Father’s day ride

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I got up a little after 5 a.m. and splashed some water on my hands and face then checked my email. I took some dried fruit from the kitchen and munched for a minute while I read before going to the bathroom to put on my cycling clothes. I didn’t want to disturb Lisa and now Noah who was, as is his style, sleeping distributed all over the bed. The price for caring this morning was paid by absolutely nailing my left knee into the edge of the bathroom vanity. Our bathrooms are really too small for dressing. Other than the nearly stifled curse, I didn’t give it much thought although it did, I noticed later, leave quite a goose egg (and now a bruise). I came back into the kitchen and poured lots water in a glass that has a bike etched into its side, then sat quietly for a few minutes munching and drinking. I opened Noah’s father’s day present, a snake that had a clothes pin set into to the top “to hold all my papers” that had been hand painted and formed by The Kid. I pumped up the replacement rear wheel and all seemed good. I rolled down my hill right around 6:30 and pedaled through Wesley Hills then north toward the hills and Harriman.

I had skipped the outer layers and was chilly going down the hill, but it seemed prudent. It would be warm later and I didn’t want to carry all that stuff.

I told myself what a great morning it was and turned onto Camp Hill Road thinking about the wisdom of long sleeves, the sand and gravel on the road and where I wanted to ride. I thought about Noah and Lisa, the architecture of the houses beside me, and the rapidly fading morning sun, and friends, and people and places of a long time ago. The clouds looked ever more threatening but I was not to be intimidated.

My hands on the top of the bar, the sun no longer displayed my shadow on the road. I hit the first small climb, and felt my left knee complain. Look at that. “That hurts” I thought as I gently rubbed my hand past the spot where I had driven the vanity into my knee. I wondered how long my knee would hold up.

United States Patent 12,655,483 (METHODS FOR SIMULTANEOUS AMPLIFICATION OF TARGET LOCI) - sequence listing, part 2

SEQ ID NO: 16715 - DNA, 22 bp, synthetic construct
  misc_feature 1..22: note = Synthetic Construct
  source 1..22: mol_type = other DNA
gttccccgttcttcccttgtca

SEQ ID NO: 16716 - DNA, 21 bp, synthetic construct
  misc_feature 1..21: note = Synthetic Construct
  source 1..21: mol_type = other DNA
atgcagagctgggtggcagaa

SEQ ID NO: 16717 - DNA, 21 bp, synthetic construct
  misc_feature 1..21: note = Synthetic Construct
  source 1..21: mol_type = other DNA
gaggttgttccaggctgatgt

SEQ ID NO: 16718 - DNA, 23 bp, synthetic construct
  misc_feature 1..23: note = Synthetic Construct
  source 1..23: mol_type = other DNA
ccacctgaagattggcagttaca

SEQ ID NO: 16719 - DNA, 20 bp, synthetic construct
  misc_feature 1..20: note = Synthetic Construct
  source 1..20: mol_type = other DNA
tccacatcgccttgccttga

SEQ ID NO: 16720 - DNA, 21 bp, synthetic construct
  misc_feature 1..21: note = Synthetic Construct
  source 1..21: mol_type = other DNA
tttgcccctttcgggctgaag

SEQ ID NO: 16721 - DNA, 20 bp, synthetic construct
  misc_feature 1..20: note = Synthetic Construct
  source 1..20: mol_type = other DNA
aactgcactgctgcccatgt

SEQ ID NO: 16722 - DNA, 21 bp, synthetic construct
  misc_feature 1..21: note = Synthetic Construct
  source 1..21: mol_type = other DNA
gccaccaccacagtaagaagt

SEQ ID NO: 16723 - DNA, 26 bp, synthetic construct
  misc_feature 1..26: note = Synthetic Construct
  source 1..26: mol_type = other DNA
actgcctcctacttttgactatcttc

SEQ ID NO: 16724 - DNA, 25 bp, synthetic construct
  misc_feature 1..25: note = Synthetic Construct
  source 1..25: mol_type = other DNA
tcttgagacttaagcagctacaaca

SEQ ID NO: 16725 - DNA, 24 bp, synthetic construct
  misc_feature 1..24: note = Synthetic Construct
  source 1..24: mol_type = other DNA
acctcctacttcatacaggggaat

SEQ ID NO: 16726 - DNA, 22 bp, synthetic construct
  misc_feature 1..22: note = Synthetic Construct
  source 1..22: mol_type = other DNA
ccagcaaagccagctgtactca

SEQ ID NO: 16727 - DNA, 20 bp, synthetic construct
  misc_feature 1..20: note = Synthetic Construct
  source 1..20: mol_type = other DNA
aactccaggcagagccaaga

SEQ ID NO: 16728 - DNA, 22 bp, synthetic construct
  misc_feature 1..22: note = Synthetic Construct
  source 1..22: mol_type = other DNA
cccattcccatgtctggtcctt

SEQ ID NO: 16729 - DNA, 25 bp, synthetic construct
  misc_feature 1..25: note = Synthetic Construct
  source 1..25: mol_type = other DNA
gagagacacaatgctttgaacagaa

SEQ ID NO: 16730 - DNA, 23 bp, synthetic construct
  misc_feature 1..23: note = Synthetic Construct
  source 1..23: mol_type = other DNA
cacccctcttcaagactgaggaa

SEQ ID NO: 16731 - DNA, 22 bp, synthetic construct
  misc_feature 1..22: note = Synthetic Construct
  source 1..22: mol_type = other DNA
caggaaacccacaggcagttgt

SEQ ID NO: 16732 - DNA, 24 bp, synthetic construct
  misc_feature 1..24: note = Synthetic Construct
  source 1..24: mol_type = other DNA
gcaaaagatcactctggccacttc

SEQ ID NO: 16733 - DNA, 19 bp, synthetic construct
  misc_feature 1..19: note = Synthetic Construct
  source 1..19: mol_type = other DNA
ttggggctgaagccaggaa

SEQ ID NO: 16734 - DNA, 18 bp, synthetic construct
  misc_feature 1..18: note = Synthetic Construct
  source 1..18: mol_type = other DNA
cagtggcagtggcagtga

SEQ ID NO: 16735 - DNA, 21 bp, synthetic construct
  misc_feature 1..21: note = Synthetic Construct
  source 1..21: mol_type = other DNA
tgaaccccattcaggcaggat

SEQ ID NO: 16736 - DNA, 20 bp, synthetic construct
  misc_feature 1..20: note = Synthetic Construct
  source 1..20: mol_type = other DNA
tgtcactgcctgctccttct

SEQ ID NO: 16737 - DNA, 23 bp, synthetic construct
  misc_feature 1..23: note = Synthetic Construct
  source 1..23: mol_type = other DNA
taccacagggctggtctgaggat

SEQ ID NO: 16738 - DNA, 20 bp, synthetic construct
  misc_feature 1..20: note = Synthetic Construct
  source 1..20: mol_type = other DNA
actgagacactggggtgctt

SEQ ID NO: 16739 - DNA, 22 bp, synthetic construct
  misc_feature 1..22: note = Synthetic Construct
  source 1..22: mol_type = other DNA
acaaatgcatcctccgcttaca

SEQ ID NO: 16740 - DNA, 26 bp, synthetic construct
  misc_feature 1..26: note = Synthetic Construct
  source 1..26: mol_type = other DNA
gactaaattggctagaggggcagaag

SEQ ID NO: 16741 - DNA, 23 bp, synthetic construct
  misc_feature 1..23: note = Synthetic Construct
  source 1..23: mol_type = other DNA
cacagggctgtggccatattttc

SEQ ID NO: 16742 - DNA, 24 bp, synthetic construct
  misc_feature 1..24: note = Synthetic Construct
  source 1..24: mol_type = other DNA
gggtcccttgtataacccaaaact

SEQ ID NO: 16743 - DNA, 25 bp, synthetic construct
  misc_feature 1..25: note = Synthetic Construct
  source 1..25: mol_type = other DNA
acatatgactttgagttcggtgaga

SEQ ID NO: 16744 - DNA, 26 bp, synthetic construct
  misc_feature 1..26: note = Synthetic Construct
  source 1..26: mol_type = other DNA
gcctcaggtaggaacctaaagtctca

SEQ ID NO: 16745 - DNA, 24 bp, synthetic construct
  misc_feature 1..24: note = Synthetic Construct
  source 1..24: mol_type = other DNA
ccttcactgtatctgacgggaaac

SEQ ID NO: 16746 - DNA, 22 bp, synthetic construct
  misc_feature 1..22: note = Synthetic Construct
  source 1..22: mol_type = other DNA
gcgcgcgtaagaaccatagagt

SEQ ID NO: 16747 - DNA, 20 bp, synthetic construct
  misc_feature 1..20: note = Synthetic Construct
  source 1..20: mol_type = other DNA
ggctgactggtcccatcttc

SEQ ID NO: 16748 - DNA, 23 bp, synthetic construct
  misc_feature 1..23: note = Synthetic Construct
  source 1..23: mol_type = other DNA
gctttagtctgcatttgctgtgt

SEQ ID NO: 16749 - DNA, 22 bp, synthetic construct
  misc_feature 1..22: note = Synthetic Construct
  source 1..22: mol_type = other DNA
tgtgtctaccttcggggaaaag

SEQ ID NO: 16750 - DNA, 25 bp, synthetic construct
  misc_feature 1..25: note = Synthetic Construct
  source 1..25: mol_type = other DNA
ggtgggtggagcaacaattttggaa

Some cyclists blew by on a down hill and after some brief morning banter I turned off to continue. I briefly thought about hanging with them as long as I could, but I wasn’t in the mood to work that hard just yet.

As I climbed the first real hill the woods exploded with bird song. Lots of species I didn’t recognize raucously cheering on my climbing. My own personal Alpe D’huez like cheering squad. A deer on the side of the road couldn’t even be bothered to step away from me though we could have brushed shoulders. So much for exuding power and ferociously attacking the climb.

33.26 miles and 2575 feet of climbing later my knee held up fine. But my bike once again was not. My rear tire was flat I realized climbing the last significant bit of hill as I neared home. “Meh”, I said to myself, “it must be a slow leak, and I only have a few miles left”. I took out a cartridge and poured CO2 into the tire. Nice and solid. Then I hear the hissing… Sad. I was hoping to avoid changing a rear tire this close to home, but I guess not. Tube? Check. Levers? Check. Someplace to sit while I do this that’s not in the middle of the road? Check. Second CO2 cartridge? uh, Second CO2 cartridge? Oh bother.

So for the second time in two weeks I called the “Team Car” to come and get me. Fortunately, Lisa and Noah were just about to go out, and I was just a few miles from home. So lickety split they were there. Some nice cyclist stopped to help, but I explained that there was no need and I’d be fine in just a few minutes. As a bonus since I rode from home, Lisa was able to take the car with the rack on it to make things even simpler all around.

For solo riding I’m now adding a mini-pump to the kit bag. And hopefully this will change my current ride karma and I can make it all the way home on the next ride.

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Noah wanted to stay with me, so we watched parts of the most recent Star Trek movie (he likes the space parts, no exposition, please, and is very sensitive to the feelings of the heros, so we edit as we go). We then went ice skating at the local rink, met the lovely and helpful Jill, who was willing to watch and play with Noah both on and off the ice while I helped Lisa get her bearings, and then we came home made dinner, and “picnicked” in the family room watching the end of the Tour de Suisse.

All in all it was a great father’s day.

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